After the Flames

Crimson and yellow tongues lick the tall grass, dancing and flaring up the long stems, then devouring the crumbles as the grass collapses, a tube of ash that shatters, returning to the dust. The flames race on, driven by the wind, nibbling around tree trunks, turning bunch grasses into smoking lumps surrounded by strips and twists of ash-colored bare ground. Young mesquite and cedar trees turn into burning bushes, and a gust of wind lifts a burning cow pie, turning it into a hellish Frisbee that sails over the fire line, dropping to roll on edge, scattering the fire even farther.

Recycling the tall grass of Texas. Photo by Frank Heinz at

Recycling the tall grass of Texas. Photo by Frank Heinz at

Tallgrass, the six-foot tall tawny, waving wall of big bluestem and Indian grass, ignites with a whoosh, flames dancing among the long stems, burning them down to reveal the scenery beyond and soil below. Short grass burns lower but just as fast, flames racing over 60 miles an hour if the wind cooperates. Black, smoking ground remains behind the flames, while the wind snatches up the white and grey ash, spinning them into dust devils and coating everything around with stinging white that leaves black tracks behind. A few yucca stubs smoke for days afterward, sullenly refusing to give up their red ember hearts. 

Those who can flee the flames. Deer, cattle, coyotes all take to their feet, running as best they can, while snakes and birds scatter. Some will not escape, instead returning their nitrogen and carbon to the soil from whence they sprang. Others reach safety, huddling in the center of playa lakes or slithering across streams, ducking into holes below or soaring above the flame’s reach.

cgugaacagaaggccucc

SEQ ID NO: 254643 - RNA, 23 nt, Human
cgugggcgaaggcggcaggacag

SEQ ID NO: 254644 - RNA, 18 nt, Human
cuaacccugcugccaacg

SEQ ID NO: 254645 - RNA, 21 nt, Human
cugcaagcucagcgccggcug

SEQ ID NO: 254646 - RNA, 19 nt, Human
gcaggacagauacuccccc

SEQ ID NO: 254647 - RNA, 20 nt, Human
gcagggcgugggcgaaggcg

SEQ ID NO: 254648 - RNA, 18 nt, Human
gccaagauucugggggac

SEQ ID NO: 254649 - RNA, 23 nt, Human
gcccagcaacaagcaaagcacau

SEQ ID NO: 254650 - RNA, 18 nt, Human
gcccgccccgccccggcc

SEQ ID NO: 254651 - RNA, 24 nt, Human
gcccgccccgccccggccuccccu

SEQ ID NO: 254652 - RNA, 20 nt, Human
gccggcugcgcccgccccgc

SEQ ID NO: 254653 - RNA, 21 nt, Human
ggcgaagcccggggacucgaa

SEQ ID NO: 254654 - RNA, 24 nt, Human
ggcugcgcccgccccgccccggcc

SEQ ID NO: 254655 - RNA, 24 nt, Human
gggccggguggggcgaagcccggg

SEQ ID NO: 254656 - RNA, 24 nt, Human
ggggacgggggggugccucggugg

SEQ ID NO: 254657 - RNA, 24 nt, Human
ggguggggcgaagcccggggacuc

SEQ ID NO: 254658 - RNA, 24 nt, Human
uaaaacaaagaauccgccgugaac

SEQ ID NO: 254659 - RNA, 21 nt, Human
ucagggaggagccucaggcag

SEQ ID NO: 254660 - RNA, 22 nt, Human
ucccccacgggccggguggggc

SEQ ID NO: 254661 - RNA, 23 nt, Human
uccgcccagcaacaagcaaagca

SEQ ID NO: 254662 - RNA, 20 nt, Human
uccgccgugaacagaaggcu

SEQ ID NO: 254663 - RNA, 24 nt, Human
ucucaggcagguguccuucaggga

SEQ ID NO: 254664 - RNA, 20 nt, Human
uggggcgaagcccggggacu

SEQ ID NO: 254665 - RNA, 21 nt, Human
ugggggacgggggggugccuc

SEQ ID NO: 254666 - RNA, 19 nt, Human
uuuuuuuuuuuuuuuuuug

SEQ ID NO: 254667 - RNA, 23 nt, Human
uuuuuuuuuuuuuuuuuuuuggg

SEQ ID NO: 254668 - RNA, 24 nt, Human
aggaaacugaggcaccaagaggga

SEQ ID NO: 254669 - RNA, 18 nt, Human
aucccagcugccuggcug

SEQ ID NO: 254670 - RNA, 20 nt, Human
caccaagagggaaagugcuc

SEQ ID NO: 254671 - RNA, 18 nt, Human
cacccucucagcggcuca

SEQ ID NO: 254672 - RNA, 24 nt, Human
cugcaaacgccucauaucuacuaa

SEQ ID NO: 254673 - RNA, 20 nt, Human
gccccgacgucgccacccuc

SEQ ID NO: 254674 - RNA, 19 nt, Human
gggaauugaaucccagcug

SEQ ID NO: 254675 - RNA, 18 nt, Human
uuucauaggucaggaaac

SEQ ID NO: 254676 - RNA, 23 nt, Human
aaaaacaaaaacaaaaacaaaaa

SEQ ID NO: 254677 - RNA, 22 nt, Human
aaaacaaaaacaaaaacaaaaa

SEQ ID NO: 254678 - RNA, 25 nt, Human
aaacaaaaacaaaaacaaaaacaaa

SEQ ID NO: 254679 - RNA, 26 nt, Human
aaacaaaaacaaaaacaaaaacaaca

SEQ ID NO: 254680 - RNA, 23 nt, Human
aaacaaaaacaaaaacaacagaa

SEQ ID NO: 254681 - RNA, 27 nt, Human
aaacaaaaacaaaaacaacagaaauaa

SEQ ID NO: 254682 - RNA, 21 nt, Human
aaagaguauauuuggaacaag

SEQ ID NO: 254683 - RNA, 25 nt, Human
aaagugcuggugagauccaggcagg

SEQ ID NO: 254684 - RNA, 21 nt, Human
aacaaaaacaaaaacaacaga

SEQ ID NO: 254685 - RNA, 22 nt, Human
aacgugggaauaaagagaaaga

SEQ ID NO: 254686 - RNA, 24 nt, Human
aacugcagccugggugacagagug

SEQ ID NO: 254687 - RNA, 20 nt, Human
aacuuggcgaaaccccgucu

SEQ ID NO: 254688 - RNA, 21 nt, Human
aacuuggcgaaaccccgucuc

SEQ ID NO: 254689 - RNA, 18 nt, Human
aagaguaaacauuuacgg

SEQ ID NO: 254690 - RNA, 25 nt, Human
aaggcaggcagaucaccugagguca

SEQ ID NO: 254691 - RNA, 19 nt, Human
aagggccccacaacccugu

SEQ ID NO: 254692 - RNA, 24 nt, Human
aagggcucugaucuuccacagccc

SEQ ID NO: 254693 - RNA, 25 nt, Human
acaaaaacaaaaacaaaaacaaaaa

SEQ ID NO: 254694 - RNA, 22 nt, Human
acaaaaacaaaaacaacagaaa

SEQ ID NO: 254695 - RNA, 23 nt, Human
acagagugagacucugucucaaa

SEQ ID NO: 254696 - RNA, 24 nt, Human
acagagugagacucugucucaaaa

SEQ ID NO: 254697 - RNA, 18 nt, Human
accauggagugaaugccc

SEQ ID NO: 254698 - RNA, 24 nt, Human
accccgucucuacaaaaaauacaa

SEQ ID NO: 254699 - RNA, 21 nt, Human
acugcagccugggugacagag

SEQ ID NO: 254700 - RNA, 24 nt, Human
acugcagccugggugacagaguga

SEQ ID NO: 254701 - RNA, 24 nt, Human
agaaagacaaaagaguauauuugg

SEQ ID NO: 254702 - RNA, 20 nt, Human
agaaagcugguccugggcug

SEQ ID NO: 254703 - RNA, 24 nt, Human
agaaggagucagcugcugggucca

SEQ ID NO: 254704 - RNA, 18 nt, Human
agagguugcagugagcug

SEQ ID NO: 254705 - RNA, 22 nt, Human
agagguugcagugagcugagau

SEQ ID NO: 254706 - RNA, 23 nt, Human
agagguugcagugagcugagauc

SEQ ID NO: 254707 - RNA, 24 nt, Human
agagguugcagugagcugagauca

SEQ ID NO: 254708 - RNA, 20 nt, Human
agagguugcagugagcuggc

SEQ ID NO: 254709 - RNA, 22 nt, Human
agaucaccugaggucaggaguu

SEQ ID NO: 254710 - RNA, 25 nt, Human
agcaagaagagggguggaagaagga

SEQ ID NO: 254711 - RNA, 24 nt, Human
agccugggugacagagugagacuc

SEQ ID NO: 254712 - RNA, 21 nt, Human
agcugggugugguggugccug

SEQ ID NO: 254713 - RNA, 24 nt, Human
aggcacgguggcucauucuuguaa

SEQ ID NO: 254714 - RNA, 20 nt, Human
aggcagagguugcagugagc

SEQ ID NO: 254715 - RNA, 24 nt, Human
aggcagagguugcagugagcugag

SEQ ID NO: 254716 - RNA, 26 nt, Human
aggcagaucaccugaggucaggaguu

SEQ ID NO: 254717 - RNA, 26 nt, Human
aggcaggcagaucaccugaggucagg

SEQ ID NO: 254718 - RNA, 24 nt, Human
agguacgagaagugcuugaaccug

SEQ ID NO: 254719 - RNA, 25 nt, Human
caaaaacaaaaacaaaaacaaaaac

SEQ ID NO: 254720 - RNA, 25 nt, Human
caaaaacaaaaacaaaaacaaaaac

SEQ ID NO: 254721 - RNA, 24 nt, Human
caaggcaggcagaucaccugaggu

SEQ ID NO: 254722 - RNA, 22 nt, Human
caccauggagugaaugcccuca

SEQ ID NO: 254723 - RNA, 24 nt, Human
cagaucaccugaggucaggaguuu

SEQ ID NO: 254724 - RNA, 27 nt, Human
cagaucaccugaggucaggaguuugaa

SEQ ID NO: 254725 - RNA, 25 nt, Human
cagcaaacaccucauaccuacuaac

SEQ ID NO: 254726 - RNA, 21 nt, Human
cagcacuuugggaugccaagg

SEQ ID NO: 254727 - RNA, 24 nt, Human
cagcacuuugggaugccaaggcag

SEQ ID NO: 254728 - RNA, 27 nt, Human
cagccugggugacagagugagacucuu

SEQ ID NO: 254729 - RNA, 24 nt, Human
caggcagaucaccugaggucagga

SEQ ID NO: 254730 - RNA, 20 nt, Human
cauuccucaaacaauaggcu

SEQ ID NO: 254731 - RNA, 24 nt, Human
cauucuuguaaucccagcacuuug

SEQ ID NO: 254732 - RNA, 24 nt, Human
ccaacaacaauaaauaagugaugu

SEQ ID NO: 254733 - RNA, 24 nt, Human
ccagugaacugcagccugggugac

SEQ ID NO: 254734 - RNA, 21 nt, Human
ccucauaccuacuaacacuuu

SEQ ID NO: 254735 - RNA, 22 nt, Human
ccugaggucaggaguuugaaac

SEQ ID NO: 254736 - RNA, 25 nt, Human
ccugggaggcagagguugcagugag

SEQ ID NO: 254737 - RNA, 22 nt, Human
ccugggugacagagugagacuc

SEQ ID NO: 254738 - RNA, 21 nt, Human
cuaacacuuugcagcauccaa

The sun rises on a black land, lifeless and barren. But wait. Only wait, and when rain comes, life follows. Three weeks after a burn and rain, the ground is more green than black. Two months with rain and green velvet covers the land, so smooth and soft you want to stop the car, get out, and stroke the new life. Deep buried roots allow the grasses to hide, while the flames consume the old, dead thatch and tree-seedlings. Fire returns the prairie and plains to the grasses. New shoots explode from the fertilized earth, drinking up the sunlight and growing as fast as they can. Wildflowers appear, fireweed and gallardia, nightshade and winecups add color to the greenth.

Fire is a key to plains life. The tall grass prairies need fire. They are pyrophilic, meaning that periodic burns increase their vigor and help preserve species richness. Without occasional burns, first sumac, then trees begin moving in, converting the grassy prairie into upland forest. The shortgrass steppe does not lean as heavily on fire, but flames still benefit the grasses, cleaning out the dead material and refreshing the soil, controlling brush and invasive plants. Humans have been managing the tall grass prairies with fire for centuries, if not longer, and burned the steppe as well, although not as often.

Fire is not an unalloyed good, however. It turns homes to ash, causes wrecks, and kills those who try to outrun it. Even so, it is part of the plains world, valuable when used correctly, feared when let loose by a storm or a careless hand.

Grass burns sweet. There’s a special richness to a grass fire’s smoke, a fatty, cinnamon-laced sweetness, the incense of the North American plains. Once smelled it’s forever familiar, and one quick sniff tells of the direction and composition of the fire.

Anglo-Americans have a love-hate relationship with grass fires. We watch them dance, admiring their beauty, and value how they improve the range. A grassfire at night is sublime: so beautiful that it becomes terrifying, crimson dancing in the black. But fire destroys property and even lives, and if the rains do not come, the blackened landscape seems to chastise, erasing hopes for a better season. Dead and dry, inedible, irritating eyes and throat, haunting those who failed to stop the flames.

Ah, but once the rains come! Fire and water generate life, the plush green of the fourth day of Creation, when it was all good. Life returns richer than before, strong and vigorous, so long as the rains remain. Fire and water, earth and air, renewed and once more ready to support life in abundance.